Passwords are very important for maintaining your online identity, because they ensure that no one else can access your accounts and do things that you wouldn't do. As such, you should make sure that your online passwords are as strong as possible. This article will provide some general guidelines for doing so.
Note that I said that you want to ensure your passwords, plural, are strong. That's because you'll want at least two. They should both be good passwords, but they should be used in different places.
Use a “non-secure” password for any non-financial websites that you sign up for, such as Facebook and Twitter. Use a different “secure” password for places where your credit card is on file or money changes hands, such as eBay, Amazon, your bank, and your stock broker. Because banks and other financial institutions are more likely to maintain good security over their transactions, reserving a password only for those sites makes it more likely that they will remain safe.
Of course, this could just be the tip of the iceberg. You might want to create a third password for shopping sites, or another one for less reliable sites that you might use. Ideally you would use a different password for every site. That would surely be the most secure, as someone breaking into one site couldn't get into your other accounts — but clearly that is too many passwords to remember. As a compromise, I'll talk shortly about an easy technique to both remember and vary your passwords.
Criteria for Bad Passwords
In a moment, I'm going to suggest an excellent method for creating a secure password. However, if you prefer to use your own methods, be sure to watch out for these common problems which could result weak passwords.
- Do not use obvious words. There was a time when “password” was one of the most common passwords on the internet (along with “root” and “”).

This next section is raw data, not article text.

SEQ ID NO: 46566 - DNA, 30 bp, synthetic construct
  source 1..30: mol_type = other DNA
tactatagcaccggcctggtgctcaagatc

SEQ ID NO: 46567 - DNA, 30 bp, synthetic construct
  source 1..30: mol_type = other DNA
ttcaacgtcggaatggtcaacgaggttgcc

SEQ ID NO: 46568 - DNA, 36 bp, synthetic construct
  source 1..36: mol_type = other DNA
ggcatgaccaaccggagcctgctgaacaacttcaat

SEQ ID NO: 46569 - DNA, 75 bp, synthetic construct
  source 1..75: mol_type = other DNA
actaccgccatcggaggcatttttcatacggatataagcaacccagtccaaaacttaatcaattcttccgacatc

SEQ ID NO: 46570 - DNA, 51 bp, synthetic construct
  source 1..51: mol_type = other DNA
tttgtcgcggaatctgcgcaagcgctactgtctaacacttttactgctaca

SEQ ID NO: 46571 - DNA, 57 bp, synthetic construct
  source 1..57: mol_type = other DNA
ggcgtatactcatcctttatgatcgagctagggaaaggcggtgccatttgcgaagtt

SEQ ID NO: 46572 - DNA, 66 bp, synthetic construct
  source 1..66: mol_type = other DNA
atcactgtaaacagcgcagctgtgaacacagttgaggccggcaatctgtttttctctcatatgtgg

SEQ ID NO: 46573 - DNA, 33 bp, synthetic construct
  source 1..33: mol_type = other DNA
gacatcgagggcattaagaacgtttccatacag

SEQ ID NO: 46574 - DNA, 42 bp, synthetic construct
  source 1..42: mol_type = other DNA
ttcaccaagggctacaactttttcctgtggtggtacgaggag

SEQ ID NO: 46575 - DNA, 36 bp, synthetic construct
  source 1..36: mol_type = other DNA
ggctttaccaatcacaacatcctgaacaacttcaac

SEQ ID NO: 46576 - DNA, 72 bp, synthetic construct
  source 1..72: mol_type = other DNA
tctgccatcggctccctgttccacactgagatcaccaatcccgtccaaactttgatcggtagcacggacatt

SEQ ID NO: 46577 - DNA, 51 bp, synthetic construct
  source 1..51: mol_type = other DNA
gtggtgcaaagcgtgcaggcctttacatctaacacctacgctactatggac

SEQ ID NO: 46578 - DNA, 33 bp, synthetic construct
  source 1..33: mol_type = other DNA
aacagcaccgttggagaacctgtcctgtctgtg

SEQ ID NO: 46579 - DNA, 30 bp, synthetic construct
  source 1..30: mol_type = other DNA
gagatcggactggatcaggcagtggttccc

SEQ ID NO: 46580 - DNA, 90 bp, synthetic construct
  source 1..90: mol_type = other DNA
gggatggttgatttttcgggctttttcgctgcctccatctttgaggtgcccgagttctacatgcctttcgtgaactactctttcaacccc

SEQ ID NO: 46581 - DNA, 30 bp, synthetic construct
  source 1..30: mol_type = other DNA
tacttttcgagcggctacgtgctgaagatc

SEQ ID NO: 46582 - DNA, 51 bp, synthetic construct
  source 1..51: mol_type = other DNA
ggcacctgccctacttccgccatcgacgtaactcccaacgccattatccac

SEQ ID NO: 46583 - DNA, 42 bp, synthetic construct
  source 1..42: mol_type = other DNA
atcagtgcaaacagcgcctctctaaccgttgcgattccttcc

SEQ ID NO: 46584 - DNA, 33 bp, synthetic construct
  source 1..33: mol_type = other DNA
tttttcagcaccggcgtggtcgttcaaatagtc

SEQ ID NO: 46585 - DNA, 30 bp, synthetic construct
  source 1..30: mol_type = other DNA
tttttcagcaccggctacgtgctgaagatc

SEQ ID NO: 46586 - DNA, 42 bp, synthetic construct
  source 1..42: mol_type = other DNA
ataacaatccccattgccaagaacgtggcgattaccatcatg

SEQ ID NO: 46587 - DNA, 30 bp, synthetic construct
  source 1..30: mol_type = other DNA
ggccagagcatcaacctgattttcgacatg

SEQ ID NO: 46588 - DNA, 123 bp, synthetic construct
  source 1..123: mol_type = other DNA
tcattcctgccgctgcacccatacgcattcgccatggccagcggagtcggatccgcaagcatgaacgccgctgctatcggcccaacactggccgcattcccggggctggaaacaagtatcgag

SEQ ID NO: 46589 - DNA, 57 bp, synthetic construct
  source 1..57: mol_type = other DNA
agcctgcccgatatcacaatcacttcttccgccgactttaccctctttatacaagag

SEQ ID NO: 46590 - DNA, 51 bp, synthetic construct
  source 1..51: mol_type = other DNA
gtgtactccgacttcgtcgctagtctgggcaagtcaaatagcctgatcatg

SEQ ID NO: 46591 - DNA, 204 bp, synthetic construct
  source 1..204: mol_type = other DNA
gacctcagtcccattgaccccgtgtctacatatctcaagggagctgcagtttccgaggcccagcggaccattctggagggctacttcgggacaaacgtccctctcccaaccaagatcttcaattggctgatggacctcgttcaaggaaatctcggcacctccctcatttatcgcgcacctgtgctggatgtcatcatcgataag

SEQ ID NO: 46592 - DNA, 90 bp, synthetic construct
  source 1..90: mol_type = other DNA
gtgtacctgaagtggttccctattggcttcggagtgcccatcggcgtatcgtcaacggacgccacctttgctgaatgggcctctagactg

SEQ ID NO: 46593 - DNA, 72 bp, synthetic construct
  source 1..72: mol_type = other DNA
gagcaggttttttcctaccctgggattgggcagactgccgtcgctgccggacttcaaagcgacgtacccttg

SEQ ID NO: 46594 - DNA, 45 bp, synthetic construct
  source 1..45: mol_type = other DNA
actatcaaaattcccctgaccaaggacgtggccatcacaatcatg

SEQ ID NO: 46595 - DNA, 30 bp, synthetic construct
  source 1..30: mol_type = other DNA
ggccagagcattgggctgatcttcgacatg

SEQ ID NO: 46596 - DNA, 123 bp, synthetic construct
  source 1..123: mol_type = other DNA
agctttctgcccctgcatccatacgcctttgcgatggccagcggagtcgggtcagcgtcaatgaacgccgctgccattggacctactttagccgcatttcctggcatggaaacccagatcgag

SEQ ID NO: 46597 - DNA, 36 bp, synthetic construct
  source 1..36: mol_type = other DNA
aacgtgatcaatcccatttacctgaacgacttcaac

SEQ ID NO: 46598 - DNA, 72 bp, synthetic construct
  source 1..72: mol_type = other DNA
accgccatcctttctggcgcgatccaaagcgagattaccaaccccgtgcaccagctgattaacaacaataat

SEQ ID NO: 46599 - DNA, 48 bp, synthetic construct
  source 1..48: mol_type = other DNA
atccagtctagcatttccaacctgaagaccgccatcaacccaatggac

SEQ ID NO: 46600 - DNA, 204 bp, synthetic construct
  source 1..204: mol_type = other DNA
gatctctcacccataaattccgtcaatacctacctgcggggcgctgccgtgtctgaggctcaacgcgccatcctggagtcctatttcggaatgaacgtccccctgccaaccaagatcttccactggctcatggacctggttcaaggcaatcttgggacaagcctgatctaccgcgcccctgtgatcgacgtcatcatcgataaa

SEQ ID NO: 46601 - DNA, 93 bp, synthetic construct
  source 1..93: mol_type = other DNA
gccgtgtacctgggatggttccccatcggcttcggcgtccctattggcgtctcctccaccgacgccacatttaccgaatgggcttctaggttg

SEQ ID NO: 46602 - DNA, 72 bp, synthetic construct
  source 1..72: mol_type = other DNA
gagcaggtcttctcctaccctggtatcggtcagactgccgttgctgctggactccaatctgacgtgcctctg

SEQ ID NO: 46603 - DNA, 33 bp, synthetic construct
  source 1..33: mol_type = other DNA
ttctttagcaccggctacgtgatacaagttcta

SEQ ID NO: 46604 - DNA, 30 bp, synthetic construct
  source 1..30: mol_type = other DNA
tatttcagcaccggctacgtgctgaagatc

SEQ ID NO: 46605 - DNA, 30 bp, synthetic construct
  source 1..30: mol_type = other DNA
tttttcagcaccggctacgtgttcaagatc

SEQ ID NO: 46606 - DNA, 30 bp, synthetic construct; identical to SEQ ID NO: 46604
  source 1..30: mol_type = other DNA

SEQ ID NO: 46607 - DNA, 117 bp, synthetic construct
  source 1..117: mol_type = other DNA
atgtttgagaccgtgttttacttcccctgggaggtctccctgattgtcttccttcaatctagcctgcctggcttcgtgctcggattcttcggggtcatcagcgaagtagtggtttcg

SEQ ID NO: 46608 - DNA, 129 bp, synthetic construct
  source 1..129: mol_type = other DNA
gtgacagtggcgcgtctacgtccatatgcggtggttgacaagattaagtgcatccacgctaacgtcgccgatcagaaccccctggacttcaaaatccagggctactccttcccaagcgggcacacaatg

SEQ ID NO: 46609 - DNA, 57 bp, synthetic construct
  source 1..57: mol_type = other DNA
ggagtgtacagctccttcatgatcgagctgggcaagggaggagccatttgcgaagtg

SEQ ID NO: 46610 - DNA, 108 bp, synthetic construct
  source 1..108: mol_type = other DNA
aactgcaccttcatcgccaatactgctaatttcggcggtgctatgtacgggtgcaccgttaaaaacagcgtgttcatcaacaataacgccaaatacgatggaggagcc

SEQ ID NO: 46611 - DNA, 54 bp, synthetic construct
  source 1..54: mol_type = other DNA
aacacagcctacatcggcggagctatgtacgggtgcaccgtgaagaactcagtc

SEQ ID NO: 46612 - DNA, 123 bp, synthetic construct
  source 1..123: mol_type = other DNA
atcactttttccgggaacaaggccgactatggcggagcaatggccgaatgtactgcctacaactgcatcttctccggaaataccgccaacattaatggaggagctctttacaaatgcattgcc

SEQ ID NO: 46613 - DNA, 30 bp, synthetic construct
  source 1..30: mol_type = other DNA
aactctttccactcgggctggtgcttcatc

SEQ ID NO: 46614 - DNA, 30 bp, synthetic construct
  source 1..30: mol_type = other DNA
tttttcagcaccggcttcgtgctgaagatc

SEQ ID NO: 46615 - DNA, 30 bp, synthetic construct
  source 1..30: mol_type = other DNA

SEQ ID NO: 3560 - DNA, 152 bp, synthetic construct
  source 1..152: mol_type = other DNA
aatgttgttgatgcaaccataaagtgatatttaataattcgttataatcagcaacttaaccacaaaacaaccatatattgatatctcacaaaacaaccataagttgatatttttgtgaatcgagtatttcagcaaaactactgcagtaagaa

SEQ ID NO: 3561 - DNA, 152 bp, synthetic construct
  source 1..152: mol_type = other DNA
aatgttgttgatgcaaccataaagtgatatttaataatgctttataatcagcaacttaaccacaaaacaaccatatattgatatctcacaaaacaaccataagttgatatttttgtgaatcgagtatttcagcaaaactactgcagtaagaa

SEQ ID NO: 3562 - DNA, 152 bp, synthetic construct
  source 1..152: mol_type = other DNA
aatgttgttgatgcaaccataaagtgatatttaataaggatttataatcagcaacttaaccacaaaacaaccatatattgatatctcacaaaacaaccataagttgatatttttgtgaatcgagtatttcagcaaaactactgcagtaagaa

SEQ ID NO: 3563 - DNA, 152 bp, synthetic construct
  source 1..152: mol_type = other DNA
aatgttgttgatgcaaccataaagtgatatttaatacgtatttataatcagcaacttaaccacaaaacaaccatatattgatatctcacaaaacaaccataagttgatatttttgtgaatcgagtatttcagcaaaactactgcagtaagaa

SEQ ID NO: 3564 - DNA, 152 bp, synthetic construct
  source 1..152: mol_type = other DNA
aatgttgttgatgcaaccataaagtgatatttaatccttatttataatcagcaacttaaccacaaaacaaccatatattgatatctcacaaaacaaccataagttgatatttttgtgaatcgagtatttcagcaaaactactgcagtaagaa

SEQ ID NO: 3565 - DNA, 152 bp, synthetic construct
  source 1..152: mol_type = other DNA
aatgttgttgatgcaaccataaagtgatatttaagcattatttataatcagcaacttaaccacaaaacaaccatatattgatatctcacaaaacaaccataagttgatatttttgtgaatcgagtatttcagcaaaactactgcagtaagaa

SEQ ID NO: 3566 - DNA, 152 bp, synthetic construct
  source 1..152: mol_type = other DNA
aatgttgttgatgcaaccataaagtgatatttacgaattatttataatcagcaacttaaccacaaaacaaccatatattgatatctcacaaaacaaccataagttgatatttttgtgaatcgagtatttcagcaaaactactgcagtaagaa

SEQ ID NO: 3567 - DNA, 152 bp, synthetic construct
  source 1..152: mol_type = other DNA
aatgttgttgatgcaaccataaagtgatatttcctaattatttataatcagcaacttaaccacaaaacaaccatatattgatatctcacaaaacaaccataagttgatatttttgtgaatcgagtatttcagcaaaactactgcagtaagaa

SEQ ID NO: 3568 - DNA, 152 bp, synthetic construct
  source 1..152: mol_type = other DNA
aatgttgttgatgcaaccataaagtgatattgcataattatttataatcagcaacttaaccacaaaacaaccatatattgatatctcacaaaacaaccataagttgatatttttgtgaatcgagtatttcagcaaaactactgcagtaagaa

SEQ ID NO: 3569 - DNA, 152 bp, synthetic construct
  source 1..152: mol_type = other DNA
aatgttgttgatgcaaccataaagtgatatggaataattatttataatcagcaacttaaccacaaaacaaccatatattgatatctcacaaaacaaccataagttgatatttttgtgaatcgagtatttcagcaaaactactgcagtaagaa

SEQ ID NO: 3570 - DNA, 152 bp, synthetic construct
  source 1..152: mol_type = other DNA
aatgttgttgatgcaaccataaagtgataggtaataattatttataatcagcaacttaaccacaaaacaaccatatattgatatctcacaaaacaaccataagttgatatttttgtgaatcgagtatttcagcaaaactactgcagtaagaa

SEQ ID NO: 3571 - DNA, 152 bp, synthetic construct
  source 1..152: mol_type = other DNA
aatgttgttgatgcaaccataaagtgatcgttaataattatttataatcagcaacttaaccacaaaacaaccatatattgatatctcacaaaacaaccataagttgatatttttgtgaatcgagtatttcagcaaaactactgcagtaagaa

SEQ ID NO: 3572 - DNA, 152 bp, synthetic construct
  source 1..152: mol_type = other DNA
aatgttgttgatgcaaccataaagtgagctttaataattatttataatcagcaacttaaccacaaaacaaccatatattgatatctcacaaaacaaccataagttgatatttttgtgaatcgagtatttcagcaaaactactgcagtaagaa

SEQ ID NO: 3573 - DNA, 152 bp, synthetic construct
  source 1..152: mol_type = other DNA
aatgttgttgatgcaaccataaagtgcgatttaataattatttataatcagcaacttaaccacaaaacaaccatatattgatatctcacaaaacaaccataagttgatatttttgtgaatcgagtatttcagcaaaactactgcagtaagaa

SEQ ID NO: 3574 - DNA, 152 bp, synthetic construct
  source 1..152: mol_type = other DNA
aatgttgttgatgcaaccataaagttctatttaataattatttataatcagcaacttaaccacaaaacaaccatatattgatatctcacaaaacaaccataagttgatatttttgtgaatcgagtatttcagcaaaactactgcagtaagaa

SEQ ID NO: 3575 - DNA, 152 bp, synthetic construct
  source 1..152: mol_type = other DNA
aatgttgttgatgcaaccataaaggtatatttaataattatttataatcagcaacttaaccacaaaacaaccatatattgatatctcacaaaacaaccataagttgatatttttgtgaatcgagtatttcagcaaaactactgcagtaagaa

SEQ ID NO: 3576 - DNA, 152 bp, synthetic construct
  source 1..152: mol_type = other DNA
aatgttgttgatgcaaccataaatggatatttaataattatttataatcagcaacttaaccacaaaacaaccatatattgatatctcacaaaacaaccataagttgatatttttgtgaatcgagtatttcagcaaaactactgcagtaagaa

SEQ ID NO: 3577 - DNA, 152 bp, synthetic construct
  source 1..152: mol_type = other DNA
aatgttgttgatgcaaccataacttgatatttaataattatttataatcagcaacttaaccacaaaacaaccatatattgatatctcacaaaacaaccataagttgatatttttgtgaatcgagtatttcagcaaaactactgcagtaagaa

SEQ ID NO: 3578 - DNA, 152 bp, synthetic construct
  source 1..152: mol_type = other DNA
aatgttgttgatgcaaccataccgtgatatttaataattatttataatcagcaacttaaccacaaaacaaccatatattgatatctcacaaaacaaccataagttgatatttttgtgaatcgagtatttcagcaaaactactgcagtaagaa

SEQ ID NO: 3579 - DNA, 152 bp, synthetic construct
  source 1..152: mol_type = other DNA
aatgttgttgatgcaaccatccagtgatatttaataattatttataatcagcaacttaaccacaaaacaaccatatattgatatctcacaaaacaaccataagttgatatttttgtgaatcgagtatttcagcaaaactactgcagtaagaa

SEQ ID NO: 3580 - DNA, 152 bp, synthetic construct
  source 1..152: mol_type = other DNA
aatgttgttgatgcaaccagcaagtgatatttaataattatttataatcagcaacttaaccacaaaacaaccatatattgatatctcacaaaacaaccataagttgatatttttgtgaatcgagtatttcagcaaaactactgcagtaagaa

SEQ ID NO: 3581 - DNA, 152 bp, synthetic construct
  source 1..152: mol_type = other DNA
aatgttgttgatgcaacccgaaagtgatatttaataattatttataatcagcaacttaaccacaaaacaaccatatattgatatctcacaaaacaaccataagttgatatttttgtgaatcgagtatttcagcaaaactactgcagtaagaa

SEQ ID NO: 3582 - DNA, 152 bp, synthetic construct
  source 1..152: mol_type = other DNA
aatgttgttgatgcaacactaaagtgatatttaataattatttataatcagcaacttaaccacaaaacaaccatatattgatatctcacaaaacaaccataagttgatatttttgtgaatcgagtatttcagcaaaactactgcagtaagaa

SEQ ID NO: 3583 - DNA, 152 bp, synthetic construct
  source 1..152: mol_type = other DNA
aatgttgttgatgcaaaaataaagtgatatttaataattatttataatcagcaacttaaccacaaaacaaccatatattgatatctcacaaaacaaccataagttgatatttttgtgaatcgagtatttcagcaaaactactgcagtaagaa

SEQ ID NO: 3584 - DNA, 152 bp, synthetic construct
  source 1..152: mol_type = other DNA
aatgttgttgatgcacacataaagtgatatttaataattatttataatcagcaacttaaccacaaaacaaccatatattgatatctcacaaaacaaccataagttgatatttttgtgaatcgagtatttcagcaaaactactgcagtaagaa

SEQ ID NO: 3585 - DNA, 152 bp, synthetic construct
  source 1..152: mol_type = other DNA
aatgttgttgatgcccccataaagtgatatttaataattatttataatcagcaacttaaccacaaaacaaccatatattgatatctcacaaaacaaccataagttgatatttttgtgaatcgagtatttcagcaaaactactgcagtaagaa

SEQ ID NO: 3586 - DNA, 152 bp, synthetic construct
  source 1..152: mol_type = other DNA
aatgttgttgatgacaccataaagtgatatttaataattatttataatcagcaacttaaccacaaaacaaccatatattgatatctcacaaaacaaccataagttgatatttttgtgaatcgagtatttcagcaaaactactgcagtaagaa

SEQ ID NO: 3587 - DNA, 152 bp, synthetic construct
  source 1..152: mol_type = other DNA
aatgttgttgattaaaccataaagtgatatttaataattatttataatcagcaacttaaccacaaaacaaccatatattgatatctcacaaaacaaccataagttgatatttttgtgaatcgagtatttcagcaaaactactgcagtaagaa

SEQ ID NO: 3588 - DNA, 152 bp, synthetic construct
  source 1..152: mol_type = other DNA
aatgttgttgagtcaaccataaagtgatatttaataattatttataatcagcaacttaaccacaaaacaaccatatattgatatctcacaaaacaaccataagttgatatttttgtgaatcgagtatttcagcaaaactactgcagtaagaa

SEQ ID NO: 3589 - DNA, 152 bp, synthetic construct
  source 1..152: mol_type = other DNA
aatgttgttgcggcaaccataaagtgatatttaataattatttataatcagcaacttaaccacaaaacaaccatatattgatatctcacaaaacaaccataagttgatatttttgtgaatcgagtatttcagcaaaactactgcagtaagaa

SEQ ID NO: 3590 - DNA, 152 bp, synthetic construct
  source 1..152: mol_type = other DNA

- Do not use words from the dictionary as passwords. Some of the oldest password crackers just dumped the entire dictionary at an account to see if any of them worked as passwords. This doesn't apply just to English either. It's easy enough for a password cracker to use any dictionary, whether it be French or Klingon.
- Do not depend on a dictionary word with simple substitutions. Though I'll talk in a bit about the advantage of substituting letters for numbers, a dictionary word with simple substitutions will be no more secure than just a dictionary word. That's because later password crackers would run not only the dictionary, but also a dictionary with a few substitutions, such as “0”s for “o”s and “1”s for “l”s.
- Do not depend on multiple dictionary words concatenated together. If you were concatenating three or four words, you might be OK, but password crackers were checking two word dictionary concatenations a decade ago.
- Do not use obvious names of people or places you know. Your girlfriend's name, your street address, and your favorite pet's name are all straight out. A password cracker may not be able to guess these (though testing against common names is another strategy used by some), but if someone who knows you can break in by hand, that's no good either.
- Do not write down your password, and especially do not write down your password in an online or computer file. If you picked the best password in the world, it doesn't matter if someone else can easily look at it.
- Do not keep the same password forever. It's pain, but you really should change it every year or two, at least, just in case someone has broken into one of your accounts, and you don't know it.
A Method for Creating a Strong Password
So you've learned a lot about what makes a bad password. What makes a good password? The following suggests one method that you can use to create a password that's not easily breakable — but which is easily memorable.
- Pick a short phrase, or an obscure but memorable long word. For example “amber waves” or “perspicacious”.
- Shorten it to 7 characters, such as “ambrwvs” or “prspccus”.
- Convert a letter other then first to a number. You can use those obvious substitutions here (e.g., A=4, B=8, E=3, G=6, I=1, L=1, O=0, R=2, S=5, T=7), since they're not your only method of security. This might produce “ambrwv5” or “pr5pccus”.
- The next part is the key trick: use a specific letter from the domain name for the last character for your password and capitalize it. For example, you might add the third o from google, producing “ambrwv5O” or “pr5pccusO” for a GMail password. This ensures that even if you use your password at multiple sites, anyone who steals the password can't use it another website unless they know the trick. You can also use this trick with your computer's password by choosing the third letter from the name you use for the computer, or for a password required for a software application, by using the third letter from the app's name.